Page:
Freeware Garden: The Matter of the Great Red Dragon

Count on Jonas Kyratzes to play with the tropes detailed in The Hero with a Thousand Faces and deliver a brilliant Twine-powered text adventure that simultaneously examines traditional heroic literature values and revels in retelling the classic save-the-world fantasy tale. With The Matter of the Great Red Dragon taking place in the Land of Dreams one can also expect a subtle yet incredibly novel critique of modern societies too. Also a bit of well-placed humour.

The game, originally an entry to the 2014 Fear of Twine exhibition, has you preparing to join Ibrahim of Sadaqah, Faolan the Noble, Vana of Intethi, Halvard of the Wolfkin, Eamhair the Swift and Zhomm the Inscrutable in defeating the Great Red Dragon. The beast that every one hundred years rises from the Clawed Mountain to terrorize the people of the Land of Plenty and serve the Darkest of All Evils.

Fleshing out your character is a delightful experience that may be executed in the traditional choose-your-own-adventure way, but comes with a subtle yet lush historical backdrop and some fine aesthetic choices. Just like a book, a text adventure should never ignore the way it actually looks and Kyraztes knows this. Apparently he also knows how to implement smart development bars that track your character’s progress.

[Disclaimer: Jonas Kyratzes is a friend of mine and I do irrationally adore the Lands of Dreams — oddly, they are the only games I show my non-gaming friends.]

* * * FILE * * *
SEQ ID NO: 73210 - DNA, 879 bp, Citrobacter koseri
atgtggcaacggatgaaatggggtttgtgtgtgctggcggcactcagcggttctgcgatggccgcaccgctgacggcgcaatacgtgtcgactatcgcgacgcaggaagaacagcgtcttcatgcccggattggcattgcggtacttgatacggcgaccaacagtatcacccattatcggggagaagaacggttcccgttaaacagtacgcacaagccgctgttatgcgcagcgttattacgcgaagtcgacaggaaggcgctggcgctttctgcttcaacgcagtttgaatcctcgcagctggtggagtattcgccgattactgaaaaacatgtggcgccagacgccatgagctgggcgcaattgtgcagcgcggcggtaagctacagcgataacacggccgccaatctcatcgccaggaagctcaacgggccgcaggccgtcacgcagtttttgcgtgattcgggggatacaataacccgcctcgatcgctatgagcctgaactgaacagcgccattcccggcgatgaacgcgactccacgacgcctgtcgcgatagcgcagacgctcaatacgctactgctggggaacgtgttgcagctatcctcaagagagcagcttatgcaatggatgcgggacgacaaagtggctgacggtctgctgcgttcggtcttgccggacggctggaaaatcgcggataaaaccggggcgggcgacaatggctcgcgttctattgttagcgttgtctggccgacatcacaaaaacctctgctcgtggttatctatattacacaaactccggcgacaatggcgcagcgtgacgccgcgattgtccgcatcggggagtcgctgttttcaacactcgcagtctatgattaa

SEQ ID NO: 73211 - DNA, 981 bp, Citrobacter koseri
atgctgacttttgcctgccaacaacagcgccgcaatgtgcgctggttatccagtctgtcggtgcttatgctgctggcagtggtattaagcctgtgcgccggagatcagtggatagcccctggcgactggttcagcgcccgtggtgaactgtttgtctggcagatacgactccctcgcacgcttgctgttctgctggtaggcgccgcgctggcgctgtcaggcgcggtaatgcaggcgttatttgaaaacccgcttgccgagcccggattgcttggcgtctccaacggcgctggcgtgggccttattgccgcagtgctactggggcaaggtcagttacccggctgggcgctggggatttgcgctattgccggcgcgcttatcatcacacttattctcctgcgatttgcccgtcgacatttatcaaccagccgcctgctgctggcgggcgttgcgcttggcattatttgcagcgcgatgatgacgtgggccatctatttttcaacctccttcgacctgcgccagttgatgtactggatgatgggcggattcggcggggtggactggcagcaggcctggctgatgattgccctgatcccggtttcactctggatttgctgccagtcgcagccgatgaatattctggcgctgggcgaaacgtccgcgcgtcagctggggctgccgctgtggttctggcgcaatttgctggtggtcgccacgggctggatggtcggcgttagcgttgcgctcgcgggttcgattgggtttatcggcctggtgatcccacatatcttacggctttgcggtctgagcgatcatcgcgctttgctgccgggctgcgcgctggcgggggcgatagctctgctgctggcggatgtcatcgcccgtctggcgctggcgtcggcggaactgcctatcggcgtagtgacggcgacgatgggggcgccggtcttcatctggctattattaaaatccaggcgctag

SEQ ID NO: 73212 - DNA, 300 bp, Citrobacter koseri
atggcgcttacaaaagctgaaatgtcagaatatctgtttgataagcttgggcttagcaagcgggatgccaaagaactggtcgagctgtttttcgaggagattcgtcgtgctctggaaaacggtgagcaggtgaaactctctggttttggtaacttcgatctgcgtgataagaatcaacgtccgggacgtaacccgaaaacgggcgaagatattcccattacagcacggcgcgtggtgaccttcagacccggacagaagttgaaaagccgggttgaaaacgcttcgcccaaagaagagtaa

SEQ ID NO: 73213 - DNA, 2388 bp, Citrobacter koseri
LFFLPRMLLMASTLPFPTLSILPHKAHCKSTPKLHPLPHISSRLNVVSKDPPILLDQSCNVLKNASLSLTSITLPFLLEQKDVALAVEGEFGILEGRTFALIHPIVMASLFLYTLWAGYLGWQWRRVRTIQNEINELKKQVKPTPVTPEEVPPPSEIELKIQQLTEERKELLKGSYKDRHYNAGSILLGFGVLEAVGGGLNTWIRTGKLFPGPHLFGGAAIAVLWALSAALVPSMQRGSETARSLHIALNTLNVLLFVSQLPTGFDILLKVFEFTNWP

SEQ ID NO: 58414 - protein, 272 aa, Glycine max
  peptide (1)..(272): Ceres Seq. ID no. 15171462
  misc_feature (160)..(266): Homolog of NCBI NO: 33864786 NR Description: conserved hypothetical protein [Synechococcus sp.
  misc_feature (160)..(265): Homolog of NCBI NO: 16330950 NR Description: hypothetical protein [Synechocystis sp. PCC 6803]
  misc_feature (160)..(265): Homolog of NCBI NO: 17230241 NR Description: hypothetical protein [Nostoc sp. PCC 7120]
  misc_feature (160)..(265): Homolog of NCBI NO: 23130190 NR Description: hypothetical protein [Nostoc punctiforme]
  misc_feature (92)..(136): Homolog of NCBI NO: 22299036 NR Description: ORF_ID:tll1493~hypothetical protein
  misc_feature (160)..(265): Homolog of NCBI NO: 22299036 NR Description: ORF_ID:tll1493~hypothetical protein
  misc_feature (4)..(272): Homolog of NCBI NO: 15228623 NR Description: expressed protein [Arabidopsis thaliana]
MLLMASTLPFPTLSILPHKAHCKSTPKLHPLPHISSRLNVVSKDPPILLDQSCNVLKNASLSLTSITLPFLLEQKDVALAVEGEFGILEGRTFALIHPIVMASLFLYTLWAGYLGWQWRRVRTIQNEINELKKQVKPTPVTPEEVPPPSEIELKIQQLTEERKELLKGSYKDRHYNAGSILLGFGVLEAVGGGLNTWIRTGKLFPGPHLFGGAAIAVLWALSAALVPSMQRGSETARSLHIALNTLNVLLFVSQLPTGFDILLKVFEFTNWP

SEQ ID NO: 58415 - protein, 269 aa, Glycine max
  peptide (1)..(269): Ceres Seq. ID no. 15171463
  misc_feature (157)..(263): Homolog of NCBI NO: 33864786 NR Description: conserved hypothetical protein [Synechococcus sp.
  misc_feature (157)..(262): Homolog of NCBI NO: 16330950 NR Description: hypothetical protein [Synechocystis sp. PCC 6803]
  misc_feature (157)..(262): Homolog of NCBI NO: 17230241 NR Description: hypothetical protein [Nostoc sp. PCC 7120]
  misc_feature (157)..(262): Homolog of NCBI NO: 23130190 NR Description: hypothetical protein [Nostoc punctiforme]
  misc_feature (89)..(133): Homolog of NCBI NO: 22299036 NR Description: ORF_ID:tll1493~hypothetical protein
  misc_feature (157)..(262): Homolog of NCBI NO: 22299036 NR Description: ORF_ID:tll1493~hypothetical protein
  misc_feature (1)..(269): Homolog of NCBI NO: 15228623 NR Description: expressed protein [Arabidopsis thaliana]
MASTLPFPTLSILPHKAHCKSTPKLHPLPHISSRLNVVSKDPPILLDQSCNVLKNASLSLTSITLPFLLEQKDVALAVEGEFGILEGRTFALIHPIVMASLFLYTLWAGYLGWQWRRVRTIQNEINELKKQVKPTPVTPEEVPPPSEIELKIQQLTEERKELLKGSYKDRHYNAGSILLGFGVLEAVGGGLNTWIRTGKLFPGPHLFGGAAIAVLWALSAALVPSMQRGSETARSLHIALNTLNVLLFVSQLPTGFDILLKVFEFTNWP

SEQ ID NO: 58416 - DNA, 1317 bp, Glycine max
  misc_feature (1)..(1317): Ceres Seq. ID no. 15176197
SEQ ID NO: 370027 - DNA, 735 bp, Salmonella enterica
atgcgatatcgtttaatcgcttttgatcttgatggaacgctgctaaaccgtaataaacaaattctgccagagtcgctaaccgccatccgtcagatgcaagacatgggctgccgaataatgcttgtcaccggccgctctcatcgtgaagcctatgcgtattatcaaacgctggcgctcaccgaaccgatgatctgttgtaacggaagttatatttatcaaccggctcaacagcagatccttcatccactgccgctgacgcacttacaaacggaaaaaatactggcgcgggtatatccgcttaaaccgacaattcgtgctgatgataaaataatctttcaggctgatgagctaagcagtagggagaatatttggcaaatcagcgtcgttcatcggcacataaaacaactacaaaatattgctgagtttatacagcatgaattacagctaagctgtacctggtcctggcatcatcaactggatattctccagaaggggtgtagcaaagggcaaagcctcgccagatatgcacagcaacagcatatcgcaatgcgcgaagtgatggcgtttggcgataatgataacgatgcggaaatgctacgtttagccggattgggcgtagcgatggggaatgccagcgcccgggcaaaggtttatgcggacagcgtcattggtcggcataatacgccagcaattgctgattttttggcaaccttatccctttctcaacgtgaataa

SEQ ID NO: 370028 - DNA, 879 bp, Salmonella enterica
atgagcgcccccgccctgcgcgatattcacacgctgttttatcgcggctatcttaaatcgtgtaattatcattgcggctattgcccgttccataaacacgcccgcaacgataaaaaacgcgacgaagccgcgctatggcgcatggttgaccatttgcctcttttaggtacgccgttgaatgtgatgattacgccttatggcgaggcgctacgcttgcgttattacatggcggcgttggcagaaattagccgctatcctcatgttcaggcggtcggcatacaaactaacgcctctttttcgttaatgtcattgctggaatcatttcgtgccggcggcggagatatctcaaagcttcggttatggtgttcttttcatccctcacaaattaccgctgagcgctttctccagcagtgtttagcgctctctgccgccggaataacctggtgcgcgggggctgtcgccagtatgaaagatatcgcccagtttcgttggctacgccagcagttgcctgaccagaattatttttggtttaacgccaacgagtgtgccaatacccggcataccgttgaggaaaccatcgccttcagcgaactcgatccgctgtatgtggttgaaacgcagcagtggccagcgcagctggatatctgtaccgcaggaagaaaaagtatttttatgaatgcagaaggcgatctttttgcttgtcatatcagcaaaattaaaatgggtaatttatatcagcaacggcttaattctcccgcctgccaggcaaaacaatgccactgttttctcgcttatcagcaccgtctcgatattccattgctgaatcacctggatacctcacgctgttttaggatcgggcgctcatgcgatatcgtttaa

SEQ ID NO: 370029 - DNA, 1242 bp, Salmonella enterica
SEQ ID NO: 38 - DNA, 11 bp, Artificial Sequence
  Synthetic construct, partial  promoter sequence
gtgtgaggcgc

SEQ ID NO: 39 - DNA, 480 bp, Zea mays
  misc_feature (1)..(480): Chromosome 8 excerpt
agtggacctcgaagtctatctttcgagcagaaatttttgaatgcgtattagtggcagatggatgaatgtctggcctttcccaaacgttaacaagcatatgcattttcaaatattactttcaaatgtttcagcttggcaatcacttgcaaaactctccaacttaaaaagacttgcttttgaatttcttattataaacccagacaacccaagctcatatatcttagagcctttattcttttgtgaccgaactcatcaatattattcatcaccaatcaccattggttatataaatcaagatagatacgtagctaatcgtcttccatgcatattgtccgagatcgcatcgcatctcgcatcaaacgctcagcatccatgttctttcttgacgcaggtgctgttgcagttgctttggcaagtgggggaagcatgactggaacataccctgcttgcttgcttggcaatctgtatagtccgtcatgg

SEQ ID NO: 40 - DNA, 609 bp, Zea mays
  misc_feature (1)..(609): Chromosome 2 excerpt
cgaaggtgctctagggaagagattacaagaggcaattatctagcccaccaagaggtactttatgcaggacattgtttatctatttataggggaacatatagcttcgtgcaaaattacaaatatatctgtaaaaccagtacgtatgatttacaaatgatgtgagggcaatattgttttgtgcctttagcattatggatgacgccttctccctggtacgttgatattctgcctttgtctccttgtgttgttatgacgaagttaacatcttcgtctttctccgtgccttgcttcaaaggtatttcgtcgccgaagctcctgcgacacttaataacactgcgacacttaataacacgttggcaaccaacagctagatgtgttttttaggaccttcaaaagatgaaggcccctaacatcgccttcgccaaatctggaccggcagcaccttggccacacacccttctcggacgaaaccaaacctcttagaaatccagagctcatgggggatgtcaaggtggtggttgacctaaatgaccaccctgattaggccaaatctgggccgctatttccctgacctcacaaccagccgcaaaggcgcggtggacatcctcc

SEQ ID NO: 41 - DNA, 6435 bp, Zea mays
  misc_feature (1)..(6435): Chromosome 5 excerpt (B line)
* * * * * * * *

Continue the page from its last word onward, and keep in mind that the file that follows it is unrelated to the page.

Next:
1. Harlander says:

    This was both fun and pretty short, good selling points for this kind of thing.

    one can also expect a subtle yet incredibly novel critique of modern societies too.

    Subtle like being hit in the face with a shovel, perhaps. But it was an amusing critique, which is just as good.

    I’m also going to assume that what I interpreted as a reference to The Mighty Boosh actually was one.

  2. deejayem says:

    Why is it always Joseph bloody Campbell? Can’t we all just make up our minds to grow out of him, please?

  3. scottyjx says:

    I really loved this, from the author’s notes for the game:

    “If you were to live every single permutation of your life, would your choices still have meaning? To see a few alternate possibilities might be interesting, but to see all of them would flatten everything out, until you no longer truly existed as an individual.

    Consider this when reading an interactive story.

    The Author”

    • Caelyn Ellis says:

      For me, the mark of a truly great piece of IF (or any game with branching narratives) is when I don’t want to play through again. I much prefer being satisfied with MY story than feeling the need to methodically investigate all the branches because it feels like I’ve missed something.

      • TechSmurfy says:

        I just logged in to say I wholeheartedly agree. Not just in interactive fiction but in any kind of story-driven game.

  4. Caelyn Ellis says:

    I played it through and now I feel sad.

  5. Caelyn Ellis says:

    Incidentally, how dare you recommend a free game from a friend? Nepotism! Corruption! Etc!

  6. jrodman says:

    And all I was hoping for was a fairly decent red dragon!

  7. jrodman says:

    Hmm, I didn’t find a critique, just a jarring shift that didn’t click.

  8. TechSmurfy says:

    Konstantinos, I just wanted to say thank you for your continuing efforts on keeping this garden creative and varied in style and substance. I’m sure most of your recommendations will find their way one day to my highways of experience, for the moment I am just collecting. Keep it up – and regards from Greece.

    • Konstantinos Dimopoulos says:

      Thank you so much for the kind words and I hope you enjoy the games. Also, cheers from Athens!